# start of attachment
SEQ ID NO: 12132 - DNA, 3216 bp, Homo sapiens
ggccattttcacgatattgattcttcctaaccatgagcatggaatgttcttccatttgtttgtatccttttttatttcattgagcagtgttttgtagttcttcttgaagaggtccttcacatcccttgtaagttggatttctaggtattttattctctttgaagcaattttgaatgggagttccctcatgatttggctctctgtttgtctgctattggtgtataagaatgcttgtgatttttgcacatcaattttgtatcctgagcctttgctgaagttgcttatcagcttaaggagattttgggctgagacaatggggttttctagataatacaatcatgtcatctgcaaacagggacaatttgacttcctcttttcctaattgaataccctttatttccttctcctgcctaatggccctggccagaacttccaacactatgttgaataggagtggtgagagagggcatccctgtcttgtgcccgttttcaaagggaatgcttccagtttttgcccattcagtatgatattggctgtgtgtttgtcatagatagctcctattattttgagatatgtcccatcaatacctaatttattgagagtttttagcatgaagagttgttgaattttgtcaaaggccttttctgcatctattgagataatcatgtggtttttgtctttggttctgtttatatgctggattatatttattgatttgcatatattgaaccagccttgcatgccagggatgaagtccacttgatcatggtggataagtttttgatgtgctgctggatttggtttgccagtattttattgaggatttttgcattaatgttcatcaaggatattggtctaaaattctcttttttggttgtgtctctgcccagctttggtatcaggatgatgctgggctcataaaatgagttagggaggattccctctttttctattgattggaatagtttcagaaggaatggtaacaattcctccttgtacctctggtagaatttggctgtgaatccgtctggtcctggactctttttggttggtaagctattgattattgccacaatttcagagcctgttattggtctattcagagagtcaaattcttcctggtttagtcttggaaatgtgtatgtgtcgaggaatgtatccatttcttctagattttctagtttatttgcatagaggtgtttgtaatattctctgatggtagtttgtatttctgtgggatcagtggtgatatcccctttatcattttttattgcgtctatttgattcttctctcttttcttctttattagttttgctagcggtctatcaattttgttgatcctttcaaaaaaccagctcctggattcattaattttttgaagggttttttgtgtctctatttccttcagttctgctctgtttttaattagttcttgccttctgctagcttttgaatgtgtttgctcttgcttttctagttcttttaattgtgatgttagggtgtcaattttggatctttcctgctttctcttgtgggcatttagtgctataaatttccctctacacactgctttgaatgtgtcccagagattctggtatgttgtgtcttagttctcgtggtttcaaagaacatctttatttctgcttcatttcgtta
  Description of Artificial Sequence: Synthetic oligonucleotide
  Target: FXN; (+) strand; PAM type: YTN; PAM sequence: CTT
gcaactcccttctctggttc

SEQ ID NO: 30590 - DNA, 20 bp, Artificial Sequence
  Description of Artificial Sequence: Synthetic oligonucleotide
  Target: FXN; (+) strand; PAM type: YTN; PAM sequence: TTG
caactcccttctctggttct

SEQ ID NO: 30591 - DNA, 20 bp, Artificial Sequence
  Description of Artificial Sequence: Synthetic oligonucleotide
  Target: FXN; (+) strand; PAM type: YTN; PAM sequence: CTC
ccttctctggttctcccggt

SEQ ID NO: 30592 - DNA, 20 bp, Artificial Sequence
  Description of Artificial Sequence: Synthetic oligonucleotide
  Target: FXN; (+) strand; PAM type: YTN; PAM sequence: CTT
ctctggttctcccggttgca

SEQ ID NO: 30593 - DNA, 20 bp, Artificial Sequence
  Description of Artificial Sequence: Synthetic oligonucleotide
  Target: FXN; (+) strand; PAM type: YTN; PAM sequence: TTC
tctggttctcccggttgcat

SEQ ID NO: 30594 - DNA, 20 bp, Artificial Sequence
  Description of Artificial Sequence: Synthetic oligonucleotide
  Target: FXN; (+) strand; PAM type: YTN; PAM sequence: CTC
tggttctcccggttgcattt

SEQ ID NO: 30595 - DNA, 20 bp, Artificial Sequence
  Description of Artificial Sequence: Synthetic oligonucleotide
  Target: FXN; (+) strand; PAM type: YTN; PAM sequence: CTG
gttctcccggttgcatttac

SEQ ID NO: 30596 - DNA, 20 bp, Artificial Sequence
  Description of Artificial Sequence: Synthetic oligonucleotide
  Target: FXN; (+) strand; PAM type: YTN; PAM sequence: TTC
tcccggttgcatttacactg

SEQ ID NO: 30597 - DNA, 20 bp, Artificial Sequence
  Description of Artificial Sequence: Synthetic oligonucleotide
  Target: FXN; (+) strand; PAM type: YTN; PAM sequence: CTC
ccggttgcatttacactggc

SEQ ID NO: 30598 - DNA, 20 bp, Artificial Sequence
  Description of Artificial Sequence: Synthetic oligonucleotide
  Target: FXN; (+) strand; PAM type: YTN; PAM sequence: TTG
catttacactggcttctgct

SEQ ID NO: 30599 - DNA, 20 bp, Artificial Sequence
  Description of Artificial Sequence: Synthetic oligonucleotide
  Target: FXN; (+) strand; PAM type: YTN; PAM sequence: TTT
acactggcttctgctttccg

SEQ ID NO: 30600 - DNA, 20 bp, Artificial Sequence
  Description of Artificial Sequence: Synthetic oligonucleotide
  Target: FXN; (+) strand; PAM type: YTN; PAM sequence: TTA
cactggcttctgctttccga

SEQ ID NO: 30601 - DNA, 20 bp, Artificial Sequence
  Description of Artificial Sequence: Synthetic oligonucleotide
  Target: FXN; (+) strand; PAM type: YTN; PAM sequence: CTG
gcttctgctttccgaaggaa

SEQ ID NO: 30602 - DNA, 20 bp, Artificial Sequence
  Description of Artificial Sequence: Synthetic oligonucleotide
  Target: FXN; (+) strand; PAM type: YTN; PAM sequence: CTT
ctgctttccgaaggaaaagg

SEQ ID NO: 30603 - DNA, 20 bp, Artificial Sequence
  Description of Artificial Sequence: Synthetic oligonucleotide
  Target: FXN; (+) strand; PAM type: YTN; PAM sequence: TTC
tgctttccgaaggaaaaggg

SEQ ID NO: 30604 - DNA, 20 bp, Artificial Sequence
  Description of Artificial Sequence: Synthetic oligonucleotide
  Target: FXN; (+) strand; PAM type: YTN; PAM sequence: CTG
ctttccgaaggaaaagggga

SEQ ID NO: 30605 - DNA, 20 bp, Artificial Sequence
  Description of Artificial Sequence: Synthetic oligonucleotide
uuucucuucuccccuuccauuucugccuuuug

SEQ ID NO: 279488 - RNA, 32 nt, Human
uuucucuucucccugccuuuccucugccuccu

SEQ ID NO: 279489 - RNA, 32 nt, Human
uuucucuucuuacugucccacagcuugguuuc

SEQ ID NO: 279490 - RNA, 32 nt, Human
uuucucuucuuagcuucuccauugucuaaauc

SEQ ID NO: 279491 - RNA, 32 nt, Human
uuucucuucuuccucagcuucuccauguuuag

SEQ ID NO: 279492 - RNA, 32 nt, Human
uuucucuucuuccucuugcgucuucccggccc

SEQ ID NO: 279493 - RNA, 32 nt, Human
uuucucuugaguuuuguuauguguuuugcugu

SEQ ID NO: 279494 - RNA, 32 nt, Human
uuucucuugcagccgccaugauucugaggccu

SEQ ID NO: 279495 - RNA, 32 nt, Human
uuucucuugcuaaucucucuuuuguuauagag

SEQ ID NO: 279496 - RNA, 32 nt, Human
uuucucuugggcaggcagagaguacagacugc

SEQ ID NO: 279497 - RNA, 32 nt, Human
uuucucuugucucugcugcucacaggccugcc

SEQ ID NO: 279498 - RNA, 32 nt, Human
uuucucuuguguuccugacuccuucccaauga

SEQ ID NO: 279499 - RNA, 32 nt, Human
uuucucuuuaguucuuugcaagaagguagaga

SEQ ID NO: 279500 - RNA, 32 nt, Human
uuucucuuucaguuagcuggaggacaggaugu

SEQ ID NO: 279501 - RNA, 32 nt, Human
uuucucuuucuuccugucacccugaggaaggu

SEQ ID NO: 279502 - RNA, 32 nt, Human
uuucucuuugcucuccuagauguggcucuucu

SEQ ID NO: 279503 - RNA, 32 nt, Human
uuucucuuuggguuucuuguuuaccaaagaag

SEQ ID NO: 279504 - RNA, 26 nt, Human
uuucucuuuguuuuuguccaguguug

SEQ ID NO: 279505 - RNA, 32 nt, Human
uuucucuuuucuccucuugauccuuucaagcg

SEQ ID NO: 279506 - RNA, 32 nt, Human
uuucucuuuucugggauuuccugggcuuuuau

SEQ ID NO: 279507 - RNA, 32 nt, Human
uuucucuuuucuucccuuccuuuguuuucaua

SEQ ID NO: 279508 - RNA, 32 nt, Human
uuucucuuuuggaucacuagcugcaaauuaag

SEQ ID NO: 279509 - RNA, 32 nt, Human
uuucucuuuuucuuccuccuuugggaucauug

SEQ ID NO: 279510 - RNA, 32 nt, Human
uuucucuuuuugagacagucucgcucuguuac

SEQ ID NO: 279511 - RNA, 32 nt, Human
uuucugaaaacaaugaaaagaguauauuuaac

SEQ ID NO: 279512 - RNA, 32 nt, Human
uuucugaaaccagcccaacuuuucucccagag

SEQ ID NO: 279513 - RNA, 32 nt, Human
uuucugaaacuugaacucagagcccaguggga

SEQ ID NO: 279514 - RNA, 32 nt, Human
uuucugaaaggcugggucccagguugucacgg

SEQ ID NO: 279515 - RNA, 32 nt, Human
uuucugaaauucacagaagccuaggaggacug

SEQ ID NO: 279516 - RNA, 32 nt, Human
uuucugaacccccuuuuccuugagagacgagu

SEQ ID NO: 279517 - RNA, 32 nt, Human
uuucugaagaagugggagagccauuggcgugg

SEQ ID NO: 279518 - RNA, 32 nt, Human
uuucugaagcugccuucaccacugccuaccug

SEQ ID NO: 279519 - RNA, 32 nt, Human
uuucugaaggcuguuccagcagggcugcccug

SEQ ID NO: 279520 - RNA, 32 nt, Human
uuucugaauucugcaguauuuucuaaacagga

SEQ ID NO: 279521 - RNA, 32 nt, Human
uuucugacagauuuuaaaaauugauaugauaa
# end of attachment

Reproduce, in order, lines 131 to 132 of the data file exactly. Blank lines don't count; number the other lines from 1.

SEQ ID NO: 279519 - RNA, 32 nt, Human
uuucugaaggcuguuccagcagggcugcccug